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' Pushkin and the Russian Novel'
Desmond MacCarthy
Just a hundred years ago-on February 8, 1837-Alexander Pushkin was mortally wounded in a duel fought ' in defence of his wife's honour'; two days later he died. Thanks to an anonymous letter-writer, the greatest figure in Russian literature was killed at the age of thirty-eight.
The well-read Englishman has at least a nodding acquaintance with Tolstoy, Dostoevsky, Turgenev, and Tchekov; novels and prose plays are translatable. But Pushkin, who bulks larger than any of these in the history of Russian literature as a whole, is known to a much narrower circle, mainly because a great proportion of his work was in verse. He was equally a master of the poetic play, the dramatic sketch, the novel, the short story, the narrative poem, and the tiny lyric, and it is typical of his versatility that of his two best-known novels one, ' Eugene Onegin ', is a contemporary story in verse, while the other, ' The Captain's Daughter', is an historical novel in vivid prose.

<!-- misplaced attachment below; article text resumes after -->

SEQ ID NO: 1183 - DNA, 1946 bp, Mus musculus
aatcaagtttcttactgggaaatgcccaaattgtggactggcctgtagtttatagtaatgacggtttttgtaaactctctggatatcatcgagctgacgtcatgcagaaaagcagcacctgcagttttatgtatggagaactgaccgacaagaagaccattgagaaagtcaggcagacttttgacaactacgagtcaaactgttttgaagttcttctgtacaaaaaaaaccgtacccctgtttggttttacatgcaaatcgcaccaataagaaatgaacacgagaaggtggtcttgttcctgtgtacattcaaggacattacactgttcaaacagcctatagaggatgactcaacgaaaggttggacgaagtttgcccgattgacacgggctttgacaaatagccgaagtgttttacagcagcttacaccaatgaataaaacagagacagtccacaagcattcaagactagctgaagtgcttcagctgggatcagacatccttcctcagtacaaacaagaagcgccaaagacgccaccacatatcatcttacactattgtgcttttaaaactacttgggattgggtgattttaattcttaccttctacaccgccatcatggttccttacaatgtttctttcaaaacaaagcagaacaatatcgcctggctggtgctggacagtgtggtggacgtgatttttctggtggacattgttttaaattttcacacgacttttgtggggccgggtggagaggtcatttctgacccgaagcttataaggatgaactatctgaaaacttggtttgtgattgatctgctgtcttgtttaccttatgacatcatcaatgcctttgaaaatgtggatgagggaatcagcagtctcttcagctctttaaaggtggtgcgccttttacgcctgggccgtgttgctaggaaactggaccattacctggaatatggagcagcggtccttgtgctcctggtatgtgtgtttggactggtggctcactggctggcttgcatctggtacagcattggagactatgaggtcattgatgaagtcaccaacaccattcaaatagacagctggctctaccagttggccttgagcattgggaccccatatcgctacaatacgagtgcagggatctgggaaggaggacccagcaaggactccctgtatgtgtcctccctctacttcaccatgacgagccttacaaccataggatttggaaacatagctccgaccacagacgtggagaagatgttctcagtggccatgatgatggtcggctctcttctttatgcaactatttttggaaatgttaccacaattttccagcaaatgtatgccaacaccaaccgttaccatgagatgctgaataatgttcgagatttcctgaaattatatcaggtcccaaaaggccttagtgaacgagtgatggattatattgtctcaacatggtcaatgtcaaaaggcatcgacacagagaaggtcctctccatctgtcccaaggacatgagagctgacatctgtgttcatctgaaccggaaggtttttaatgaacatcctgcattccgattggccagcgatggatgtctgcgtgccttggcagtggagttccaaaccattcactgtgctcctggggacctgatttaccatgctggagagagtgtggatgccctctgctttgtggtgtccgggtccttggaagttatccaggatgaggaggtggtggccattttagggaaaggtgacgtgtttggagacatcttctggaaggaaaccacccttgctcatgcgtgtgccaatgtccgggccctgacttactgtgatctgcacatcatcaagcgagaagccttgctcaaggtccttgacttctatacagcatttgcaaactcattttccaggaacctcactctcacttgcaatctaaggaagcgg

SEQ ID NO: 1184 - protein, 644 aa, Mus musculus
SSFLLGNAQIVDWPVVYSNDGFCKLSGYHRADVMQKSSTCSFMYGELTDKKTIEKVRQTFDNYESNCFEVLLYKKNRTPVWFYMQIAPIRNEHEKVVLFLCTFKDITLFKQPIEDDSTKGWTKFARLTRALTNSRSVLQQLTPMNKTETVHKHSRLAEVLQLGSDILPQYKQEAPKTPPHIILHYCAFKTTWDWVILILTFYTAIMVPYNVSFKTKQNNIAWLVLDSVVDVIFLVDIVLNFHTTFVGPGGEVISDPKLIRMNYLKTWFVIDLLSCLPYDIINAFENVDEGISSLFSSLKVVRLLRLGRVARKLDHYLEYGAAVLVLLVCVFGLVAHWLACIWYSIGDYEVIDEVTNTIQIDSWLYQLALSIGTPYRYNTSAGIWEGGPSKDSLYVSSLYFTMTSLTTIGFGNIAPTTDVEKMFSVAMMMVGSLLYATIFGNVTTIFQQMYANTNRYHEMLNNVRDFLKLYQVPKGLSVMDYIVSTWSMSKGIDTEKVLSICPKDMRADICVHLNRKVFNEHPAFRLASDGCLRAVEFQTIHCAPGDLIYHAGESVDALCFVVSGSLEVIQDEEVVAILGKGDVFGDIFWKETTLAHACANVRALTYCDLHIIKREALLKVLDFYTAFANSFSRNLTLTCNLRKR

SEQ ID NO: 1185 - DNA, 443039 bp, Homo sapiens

Unknown: Desmond MacCarthy
Unknown: Eugene Onegin

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Feedback about BOOK TALK, National Programme Daventry, 18.20, 21 January 1937
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